}
    ConstructorDestructor(int int1, int int2) : ConstructorDestructor(int1) {
        cout << "ConstructorDestructor constructor with 2 ints." << endl;
        
        throw exception();
    }
    ConstructorDestructor(int int1, int int2, int int3) : ConstructorDestructor(int1, int2) {
        cout << "ConstructorDestructor constructor with 3 ints." << endl;
    }
    ~ConstructorDestructor() {
        cout << "ConstructorDestructor destructor." << endl;
    }
};

int main() {
    ConstructorDestructor dc(1, 2, 3);
}

Here's the output:

ConstructorDestructor constructor with 1 int.
ConstructorDestructor constructor with 2 ints.
ConstructorDestructor constructor with 3 ints.

The object created by the constructors is fully initialized as soon as any constructor is finished. DerivedContainer(int int1) succeeds, but DerivedContainer(int int1, int int2) fails and the destructor is called.

class ConstructorDestructor {
public:
    ConstructorDestructor() {
        cout << "ConstructorDestructor default constructor." << endl;
    }
    ConstructorDestructor(int int1) {
        cout << "ConstructorDestructor constructor with 1 int." << endl;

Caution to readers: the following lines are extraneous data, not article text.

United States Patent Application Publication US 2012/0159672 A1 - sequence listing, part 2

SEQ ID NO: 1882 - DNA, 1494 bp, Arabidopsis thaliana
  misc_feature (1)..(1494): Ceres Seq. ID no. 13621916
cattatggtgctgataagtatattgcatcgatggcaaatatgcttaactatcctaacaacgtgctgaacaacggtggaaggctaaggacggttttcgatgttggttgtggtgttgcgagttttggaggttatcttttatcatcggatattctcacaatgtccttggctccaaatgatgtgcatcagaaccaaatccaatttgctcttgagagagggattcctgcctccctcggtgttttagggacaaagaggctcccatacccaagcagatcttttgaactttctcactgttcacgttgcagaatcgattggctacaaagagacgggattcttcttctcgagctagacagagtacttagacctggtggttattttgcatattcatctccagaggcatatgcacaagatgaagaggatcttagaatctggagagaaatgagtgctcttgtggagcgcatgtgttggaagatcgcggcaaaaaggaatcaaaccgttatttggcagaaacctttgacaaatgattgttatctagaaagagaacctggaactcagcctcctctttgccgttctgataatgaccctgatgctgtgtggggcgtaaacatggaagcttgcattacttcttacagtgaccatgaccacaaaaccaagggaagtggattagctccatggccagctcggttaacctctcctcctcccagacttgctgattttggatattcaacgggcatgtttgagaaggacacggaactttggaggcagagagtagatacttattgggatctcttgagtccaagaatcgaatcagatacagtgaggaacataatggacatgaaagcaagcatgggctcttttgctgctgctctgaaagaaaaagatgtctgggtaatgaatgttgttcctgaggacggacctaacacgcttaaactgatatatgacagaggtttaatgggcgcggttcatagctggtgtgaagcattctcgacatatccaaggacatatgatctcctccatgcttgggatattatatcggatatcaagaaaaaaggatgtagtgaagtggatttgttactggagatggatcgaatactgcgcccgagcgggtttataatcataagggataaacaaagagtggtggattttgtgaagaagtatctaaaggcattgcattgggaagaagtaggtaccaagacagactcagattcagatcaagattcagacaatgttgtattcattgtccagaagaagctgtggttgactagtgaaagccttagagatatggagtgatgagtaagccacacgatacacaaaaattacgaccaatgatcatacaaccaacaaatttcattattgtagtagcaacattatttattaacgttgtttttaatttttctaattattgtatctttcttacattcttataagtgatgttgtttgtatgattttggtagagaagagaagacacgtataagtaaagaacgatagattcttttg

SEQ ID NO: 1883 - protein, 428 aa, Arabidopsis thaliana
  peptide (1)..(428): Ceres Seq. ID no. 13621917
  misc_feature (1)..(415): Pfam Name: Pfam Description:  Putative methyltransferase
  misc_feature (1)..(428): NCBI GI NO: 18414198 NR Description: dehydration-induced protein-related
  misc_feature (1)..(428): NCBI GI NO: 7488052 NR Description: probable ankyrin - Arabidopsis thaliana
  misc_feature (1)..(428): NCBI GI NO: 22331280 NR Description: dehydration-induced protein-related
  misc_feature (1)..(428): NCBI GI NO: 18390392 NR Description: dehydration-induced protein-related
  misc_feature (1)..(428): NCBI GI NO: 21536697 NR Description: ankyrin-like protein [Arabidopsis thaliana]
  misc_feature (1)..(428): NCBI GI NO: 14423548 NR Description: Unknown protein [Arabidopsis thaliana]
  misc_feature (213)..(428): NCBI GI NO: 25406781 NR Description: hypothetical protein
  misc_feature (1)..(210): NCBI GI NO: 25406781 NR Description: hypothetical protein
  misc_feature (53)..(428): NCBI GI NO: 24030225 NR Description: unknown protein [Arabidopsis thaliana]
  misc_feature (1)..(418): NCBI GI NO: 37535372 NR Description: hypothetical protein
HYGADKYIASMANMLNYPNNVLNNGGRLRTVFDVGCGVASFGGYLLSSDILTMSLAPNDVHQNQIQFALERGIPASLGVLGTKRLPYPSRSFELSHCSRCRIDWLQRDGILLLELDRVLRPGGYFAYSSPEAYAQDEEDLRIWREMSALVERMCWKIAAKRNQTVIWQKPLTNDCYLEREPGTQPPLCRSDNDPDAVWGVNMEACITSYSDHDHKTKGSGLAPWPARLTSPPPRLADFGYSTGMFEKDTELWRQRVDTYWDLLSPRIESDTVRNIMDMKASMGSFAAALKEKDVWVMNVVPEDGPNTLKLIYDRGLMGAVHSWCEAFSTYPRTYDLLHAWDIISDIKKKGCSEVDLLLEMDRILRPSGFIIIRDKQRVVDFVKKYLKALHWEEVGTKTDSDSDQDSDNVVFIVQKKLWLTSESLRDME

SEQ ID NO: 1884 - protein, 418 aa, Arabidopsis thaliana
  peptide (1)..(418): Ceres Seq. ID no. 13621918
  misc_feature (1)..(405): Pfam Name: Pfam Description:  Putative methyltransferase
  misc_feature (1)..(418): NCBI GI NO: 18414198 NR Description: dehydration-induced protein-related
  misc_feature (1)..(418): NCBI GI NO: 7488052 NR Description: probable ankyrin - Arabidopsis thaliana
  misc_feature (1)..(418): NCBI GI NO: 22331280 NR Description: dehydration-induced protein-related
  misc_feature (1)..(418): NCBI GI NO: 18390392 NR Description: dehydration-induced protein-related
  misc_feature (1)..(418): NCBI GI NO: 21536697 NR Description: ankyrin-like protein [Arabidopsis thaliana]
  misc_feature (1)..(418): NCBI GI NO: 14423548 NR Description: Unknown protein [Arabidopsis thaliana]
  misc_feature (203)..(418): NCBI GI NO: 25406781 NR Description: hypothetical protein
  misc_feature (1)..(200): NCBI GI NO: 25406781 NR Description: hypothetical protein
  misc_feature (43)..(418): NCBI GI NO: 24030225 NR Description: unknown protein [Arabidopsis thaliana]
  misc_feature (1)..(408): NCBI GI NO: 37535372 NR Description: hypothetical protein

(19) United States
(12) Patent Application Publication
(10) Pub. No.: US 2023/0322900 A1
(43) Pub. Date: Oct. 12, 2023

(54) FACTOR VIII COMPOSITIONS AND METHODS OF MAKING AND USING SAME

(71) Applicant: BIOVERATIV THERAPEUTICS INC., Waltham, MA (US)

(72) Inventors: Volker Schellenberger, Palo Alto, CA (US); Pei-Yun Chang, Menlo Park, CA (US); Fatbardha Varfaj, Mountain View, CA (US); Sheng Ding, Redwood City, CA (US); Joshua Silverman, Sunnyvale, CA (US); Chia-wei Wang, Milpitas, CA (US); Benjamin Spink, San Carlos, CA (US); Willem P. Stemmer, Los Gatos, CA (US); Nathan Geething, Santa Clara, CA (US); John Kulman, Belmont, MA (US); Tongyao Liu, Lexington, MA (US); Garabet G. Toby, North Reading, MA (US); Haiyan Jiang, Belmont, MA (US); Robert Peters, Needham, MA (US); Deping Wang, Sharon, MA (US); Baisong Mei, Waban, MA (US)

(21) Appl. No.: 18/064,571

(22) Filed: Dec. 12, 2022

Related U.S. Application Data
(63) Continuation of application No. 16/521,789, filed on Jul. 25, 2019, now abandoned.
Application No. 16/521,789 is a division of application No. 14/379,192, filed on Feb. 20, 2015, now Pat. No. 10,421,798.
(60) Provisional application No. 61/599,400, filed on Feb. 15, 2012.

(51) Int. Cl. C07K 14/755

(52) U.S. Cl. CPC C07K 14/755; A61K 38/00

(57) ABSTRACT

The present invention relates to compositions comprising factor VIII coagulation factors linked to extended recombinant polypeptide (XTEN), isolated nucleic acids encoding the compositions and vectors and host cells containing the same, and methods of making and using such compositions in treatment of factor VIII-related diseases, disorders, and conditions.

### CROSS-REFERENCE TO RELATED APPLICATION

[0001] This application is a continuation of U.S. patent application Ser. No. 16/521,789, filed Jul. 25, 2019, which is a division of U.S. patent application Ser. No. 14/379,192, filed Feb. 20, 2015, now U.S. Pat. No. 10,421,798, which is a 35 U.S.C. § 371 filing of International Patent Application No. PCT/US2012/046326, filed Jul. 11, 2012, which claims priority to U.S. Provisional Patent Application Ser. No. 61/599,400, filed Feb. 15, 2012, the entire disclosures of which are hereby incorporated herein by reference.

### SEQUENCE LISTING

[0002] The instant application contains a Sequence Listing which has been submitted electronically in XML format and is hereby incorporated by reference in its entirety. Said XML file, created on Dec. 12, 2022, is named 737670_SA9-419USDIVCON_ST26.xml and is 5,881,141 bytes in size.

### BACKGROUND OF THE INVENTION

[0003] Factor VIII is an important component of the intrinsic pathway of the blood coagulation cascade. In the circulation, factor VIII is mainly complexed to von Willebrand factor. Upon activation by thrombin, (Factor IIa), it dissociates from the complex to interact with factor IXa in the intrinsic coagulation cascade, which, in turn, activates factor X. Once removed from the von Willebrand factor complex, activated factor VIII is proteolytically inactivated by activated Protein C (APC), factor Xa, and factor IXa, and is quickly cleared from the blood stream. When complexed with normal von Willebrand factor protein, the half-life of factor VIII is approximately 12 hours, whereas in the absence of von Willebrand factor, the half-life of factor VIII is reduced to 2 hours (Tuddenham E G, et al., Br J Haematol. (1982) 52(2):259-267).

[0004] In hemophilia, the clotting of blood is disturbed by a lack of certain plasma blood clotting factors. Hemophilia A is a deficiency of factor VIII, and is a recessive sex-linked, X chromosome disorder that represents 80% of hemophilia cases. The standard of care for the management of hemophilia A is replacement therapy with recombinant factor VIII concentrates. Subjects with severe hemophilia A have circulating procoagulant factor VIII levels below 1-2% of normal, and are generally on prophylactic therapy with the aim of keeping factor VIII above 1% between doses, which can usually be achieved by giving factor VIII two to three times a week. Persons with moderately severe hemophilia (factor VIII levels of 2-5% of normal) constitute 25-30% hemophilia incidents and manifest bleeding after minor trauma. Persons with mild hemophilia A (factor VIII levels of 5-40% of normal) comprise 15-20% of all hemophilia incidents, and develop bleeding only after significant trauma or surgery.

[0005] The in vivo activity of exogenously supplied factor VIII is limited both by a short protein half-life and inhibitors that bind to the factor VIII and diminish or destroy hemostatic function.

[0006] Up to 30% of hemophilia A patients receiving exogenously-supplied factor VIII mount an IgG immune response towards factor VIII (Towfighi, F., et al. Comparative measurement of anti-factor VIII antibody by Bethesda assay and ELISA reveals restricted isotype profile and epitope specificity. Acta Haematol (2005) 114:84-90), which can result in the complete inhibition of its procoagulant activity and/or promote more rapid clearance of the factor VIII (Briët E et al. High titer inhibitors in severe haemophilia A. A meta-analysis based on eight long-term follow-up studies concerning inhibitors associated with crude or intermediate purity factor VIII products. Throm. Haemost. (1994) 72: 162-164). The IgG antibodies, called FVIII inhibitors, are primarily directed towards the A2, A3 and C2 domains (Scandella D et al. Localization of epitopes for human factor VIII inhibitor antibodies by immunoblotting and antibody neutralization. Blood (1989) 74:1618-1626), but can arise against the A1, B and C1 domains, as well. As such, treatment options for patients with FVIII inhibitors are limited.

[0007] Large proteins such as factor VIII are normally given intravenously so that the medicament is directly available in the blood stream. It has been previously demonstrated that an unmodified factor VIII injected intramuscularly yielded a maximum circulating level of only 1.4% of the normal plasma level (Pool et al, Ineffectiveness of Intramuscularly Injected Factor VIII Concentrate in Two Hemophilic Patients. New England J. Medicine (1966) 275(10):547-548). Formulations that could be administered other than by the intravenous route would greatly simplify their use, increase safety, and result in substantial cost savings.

}
    ConstructorDestructor(int int1, int int2) : ConstructorDestructor(int1) {
        cout << "ConstructorDestructor constructor with 2 ints." << endl;
        throw exception();
    }
    ConstructorDestructor(int int1, int int2, int int3) : ConstructorDestructor(int1, int2) {
        cout << "ConstructorDestructor constructor with 3 ints." << endl;
    }

    ~ConstructorDestructor() {
        cout << "ConstructorDestructor destructor." << endl;
    }
};

int main() {

    try {
        ConstructorDestructor cd{ 1, 2, 3 };
    }
    catch (const exception& ex){
    }
}

Output:

ConstructorDestructor constructor with 1 int.
ConstructorDestructor constructor with 2 ints.
ConstructorDestructor destructor.

For more information, see Uniform Initialization and Delegating Constructors.